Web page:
Final Panel for Windows on Whitefish in the Works

Fourth mosaic mural signals the end of a multi-year community art project

By Molly Priddy

Living in Northwest Montana means being treated to ever-changing views outside the window, ranging from temperamental stormy skies to bluebird days, and all the plant, animal and scenery changes that come with the seasons.

In Whitefish, the Stumptown Art Studio has sought to capture the essence of the changing seasons in the permanent display, Windows on Whitefish, which features four window frames with mosaicked art set to the theme of the four seasons.

The 6-foot-by-9-foot frames are already in place on the south side of the Latitude 48 building, located on the corner of Second Street and Central Avenue.

Three years ago, the community-sourced project began with the spring window, and eventually moved on to summer and autumn. Now, the WOW group is working on the final panel of the project: Winter.

Deb Stika, who has served as the artistic director for this project, said the spring and winter windows have been her favorites, because of the excitement brought on by the beginning and the end of a project.

But there’s also a tinge of sadness that comes with the final panel.

“I was thinking, ‘How do you describe what’s going on right now?’ and bittersweet’s the exact word,” Stika said.

The project began three years ago as part of a fundraising effort for Stumptown Art Studio, a nonprofit organization in Whitefish. Melanie Drown, executive director at the studio, said the goal was to get the project to pay for itself, while also establishing a $10,000 fund for maintenance and to help with the studio’s Art with a Heart program.

Art with a Heart seeks to bring art to the underserved population in the Flathead, such as assisted living facilities, and provide specialized training for the instructors who work with children and adults who have autism.

“We’ve got about $4,000 left to go,” Drown said. “So we are hitting the streets, trying to drum up sponsorships.”

Any business or individual who donates $500 or more will get a handmade tile with their business logo or name on it, which will go on permanent display next to the spring panel.

The panels depict Whitefish’s history and its connection to the seasons through popular activities. Each one is created by community members who have taken the mosaicking class from Stika; the community even brings their own odds and ends to add to the mosaics.

“The mementos include everything from conductor’s keys for the train to Winter Carnival pins from the kings and queens,” Stika said.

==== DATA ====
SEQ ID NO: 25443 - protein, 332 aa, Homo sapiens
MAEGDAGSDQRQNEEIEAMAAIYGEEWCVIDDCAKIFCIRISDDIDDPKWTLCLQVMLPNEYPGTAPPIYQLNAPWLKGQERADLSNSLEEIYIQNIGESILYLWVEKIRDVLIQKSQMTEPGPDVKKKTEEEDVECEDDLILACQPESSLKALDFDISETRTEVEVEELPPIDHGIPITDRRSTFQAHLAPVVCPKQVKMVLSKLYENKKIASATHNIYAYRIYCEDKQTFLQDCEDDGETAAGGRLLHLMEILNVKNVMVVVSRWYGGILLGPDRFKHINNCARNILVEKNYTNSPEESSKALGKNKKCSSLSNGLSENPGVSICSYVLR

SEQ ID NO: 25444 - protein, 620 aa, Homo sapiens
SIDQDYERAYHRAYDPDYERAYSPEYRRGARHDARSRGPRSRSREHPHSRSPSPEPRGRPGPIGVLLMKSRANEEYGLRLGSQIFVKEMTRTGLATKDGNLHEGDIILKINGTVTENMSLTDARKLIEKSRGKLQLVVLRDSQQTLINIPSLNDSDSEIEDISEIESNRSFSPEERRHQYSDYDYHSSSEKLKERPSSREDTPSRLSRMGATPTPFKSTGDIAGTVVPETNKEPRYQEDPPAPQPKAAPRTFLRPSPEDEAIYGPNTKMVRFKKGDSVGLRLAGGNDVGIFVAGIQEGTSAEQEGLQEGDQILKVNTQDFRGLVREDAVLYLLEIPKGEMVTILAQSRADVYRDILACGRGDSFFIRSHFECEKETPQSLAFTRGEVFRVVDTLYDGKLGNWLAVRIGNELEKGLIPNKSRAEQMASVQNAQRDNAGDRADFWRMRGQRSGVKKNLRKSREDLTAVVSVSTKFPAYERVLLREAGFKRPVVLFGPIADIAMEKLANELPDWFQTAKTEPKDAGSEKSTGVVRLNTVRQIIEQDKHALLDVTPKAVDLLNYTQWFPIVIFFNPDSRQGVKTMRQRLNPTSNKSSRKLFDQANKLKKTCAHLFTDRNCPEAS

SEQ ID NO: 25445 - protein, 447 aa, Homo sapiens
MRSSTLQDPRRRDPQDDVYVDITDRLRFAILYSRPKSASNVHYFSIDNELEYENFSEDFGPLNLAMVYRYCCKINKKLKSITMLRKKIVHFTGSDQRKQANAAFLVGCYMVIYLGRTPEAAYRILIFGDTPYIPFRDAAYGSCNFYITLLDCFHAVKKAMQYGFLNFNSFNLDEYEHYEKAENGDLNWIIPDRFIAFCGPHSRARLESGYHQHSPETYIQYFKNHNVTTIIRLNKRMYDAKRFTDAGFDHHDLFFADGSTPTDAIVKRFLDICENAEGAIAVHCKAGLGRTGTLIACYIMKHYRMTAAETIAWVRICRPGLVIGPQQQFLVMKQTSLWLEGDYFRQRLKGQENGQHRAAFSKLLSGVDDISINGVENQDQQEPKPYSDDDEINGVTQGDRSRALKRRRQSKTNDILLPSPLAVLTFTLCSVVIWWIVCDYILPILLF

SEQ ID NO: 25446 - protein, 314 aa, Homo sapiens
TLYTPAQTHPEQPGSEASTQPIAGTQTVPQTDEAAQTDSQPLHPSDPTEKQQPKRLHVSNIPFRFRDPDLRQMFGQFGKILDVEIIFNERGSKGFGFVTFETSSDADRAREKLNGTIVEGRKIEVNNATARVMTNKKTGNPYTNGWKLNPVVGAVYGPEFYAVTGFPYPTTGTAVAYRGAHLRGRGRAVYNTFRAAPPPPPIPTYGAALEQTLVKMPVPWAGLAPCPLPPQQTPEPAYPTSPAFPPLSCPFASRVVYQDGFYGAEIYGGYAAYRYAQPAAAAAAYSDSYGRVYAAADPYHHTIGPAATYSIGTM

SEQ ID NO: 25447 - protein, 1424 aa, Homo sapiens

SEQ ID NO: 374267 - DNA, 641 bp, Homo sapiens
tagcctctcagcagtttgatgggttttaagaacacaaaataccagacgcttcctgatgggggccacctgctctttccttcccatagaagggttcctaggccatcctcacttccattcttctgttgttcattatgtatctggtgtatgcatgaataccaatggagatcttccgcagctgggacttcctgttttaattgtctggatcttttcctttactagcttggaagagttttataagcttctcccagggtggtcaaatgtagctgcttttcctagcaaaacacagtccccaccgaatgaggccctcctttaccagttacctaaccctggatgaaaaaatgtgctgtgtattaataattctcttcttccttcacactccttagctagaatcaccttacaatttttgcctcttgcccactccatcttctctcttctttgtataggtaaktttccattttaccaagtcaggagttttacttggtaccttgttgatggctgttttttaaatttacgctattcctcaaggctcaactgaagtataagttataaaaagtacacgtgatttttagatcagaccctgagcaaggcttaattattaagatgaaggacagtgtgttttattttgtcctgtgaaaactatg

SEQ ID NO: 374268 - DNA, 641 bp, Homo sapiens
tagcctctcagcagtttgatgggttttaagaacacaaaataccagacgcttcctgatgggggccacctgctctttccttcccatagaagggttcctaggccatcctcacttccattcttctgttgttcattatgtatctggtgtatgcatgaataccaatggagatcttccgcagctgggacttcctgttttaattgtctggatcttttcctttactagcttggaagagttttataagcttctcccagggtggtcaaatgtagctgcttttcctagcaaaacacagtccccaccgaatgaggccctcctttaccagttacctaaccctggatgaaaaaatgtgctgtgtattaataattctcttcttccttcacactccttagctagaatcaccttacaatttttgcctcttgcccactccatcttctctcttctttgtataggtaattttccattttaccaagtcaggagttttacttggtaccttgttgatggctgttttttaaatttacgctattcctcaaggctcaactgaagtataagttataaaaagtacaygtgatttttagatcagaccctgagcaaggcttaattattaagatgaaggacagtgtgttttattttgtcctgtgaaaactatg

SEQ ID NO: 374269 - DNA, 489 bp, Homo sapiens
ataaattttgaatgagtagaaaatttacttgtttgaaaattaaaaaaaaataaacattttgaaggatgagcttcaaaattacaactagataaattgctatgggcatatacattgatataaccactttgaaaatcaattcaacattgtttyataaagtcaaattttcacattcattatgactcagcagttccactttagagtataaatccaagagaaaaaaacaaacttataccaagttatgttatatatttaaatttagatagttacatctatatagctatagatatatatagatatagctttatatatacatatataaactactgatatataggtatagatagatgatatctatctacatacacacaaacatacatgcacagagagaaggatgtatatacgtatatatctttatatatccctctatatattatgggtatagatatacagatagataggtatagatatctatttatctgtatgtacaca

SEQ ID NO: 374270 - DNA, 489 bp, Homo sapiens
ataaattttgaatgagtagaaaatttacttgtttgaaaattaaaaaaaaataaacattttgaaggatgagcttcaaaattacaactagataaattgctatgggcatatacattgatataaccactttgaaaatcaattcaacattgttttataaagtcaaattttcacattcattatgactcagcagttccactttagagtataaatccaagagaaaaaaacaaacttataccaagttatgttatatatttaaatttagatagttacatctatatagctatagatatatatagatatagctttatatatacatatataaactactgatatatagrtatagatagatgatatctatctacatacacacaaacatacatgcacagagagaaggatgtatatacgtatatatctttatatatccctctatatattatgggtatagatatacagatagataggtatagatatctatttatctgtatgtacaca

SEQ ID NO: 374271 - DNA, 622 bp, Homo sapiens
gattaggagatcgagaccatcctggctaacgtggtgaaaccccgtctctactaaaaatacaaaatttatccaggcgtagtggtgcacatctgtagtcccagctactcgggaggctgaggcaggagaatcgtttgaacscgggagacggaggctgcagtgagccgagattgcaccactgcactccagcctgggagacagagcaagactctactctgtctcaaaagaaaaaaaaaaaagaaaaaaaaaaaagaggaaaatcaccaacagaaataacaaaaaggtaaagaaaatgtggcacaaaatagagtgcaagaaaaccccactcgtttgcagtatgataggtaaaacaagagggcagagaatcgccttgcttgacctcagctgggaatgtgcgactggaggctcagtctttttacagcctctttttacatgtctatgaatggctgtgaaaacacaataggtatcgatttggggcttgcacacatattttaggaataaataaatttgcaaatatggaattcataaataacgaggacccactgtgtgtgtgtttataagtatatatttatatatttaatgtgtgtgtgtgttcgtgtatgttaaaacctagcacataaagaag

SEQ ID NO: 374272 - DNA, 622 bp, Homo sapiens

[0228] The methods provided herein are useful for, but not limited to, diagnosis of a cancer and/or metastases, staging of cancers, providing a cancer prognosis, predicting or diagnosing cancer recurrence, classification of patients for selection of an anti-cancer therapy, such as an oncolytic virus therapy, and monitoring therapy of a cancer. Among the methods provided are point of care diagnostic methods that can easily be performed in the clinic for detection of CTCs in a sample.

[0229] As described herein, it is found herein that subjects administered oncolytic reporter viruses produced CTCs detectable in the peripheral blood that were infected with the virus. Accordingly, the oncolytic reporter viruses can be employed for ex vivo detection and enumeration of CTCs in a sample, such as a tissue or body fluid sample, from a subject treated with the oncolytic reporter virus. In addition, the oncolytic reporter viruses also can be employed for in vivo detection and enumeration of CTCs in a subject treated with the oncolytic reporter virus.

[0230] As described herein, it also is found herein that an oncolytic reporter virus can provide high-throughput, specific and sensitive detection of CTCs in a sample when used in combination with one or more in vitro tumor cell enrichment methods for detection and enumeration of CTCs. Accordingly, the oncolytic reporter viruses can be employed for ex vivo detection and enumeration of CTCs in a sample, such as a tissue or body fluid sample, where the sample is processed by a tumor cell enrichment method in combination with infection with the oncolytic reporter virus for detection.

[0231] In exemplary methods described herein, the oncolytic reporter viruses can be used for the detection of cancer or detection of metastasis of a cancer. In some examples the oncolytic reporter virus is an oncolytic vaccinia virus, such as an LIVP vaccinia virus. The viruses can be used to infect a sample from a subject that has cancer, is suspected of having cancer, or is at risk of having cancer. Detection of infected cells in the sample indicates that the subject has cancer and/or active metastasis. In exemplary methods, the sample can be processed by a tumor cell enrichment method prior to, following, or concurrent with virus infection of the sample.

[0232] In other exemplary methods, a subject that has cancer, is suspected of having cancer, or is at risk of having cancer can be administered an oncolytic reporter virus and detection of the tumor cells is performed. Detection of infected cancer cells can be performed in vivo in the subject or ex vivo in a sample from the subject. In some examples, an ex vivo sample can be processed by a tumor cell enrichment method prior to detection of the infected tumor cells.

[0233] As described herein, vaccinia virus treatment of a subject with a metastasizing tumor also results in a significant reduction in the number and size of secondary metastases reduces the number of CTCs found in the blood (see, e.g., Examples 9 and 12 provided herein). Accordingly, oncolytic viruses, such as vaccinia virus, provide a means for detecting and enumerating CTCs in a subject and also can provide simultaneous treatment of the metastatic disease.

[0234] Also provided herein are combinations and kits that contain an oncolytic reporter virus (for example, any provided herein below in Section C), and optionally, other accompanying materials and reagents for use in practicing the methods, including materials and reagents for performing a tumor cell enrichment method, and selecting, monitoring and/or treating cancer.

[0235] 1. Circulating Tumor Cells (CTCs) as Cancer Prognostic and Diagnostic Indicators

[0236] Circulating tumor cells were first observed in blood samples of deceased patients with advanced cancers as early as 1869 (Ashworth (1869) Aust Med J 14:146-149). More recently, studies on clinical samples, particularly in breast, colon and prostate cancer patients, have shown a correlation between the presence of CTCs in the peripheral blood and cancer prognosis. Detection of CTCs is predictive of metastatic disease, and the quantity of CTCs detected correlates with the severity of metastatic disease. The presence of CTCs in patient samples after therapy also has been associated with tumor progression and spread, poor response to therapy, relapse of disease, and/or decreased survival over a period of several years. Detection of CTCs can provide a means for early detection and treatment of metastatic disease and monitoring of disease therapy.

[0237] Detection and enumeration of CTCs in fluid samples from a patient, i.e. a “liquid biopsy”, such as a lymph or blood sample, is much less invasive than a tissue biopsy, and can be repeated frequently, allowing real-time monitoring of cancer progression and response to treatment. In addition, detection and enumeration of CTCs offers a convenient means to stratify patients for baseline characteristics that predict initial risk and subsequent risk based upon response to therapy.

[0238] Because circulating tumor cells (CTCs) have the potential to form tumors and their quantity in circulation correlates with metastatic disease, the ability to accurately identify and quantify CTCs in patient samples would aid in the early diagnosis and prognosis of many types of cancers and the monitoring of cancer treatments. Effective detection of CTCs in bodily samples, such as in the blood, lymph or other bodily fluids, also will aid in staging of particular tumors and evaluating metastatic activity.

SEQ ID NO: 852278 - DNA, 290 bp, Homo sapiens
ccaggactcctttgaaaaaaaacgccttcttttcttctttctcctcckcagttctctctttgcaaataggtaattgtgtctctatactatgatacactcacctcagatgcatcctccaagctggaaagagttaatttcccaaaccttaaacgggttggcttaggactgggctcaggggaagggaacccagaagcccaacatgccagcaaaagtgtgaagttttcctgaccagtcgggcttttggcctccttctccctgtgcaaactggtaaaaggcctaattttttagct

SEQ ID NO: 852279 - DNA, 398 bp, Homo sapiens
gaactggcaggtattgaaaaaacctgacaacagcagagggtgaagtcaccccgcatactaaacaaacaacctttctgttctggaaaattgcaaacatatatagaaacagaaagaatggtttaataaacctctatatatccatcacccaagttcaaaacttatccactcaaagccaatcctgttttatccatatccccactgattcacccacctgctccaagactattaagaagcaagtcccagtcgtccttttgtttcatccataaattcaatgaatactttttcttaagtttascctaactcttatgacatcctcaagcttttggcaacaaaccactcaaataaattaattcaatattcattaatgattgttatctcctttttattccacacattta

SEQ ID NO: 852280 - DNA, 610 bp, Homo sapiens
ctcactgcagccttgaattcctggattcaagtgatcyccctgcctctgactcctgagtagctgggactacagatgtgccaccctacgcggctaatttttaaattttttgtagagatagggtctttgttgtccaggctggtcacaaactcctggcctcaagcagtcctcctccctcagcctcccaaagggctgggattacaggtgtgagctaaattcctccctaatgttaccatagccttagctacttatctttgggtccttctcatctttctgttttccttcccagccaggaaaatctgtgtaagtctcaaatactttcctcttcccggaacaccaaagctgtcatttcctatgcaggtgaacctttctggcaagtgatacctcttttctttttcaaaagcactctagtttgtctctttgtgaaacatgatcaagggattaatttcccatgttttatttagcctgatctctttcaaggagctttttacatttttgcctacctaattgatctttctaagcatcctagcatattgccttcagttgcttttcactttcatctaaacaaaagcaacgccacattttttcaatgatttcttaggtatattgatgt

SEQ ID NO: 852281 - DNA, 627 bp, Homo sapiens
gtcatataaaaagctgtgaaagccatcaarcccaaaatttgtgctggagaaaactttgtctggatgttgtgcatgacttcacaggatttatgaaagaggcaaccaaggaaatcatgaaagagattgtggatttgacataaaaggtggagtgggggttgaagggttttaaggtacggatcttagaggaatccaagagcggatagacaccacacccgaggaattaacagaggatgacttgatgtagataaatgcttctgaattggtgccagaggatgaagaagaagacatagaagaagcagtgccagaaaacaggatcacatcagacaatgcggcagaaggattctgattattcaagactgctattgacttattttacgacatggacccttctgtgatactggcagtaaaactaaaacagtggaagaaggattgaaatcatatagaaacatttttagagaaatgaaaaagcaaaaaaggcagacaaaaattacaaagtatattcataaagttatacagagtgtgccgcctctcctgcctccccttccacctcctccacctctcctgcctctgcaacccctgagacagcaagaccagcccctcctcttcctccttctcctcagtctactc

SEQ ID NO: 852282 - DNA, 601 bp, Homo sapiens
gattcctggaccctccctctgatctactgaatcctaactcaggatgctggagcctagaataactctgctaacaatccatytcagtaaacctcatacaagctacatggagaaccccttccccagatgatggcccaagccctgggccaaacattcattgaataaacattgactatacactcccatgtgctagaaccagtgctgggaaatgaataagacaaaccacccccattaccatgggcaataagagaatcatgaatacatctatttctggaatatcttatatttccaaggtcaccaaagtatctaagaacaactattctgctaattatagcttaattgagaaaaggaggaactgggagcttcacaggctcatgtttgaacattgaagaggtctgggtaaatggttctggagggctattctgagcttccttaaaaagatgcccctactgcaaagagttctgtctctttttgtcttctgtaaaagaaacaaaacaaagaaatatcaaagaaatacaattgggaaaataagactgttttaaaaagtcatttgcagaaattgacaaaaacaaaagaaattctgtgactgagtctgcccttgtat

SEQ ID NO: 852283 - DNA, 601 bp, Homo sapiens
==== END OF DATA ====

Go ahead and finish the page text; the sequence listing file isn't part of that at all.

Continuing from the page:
The final window will feature some of the city’s most iconic winter scenery, with the annual holiday decorations – including a snowflake, a bell, and a snowman – and pieces of the historic Winter Carnival, such as a skier being pulled by a horse during a skijoring competition.

Stika said it has been rewarding to work with the public on a project of this magnitude. Hundreds of people have come to learn how to mosaic, and many of them followed through and came to work on the murals.

“I have made some long-time friends, and other people meeting other people and having that connection – it’s like a club,” she said. “It’s a community.”

Upcoming mosaic classes will take place on Nov. 10, Dec. 1, and Dec. 11, and free community sessions working on the panels will happen in both months.

The artists who have worked on the project are invested in it, she said, and they take pride where they’ve placed their time and talent.

“Art is such a big part of the Flathead Valley and when you can rally with members of your artistic tribe, it’s really a great feeling,” Stika said. “We give each other confidence.”

Drown said the winter panel will likely be finished up some time in January, and will be unveiled in the spring. Until then, anyone who wants to contribute to the fund is welcome to do so, and can still get a tile on the wall with the panels.

Aside from fundraising, Drown said the WOW project has been an unmitigated success from a community art standpoint.

“Even if it doesn’t make us much money, I think it’s worth the effort that we put into it,” Drown said.

For more information on the Stumptown Art Studio and the Windows on Whitefish project, visit www.stumptownartstudio.org or call 406-862-5929.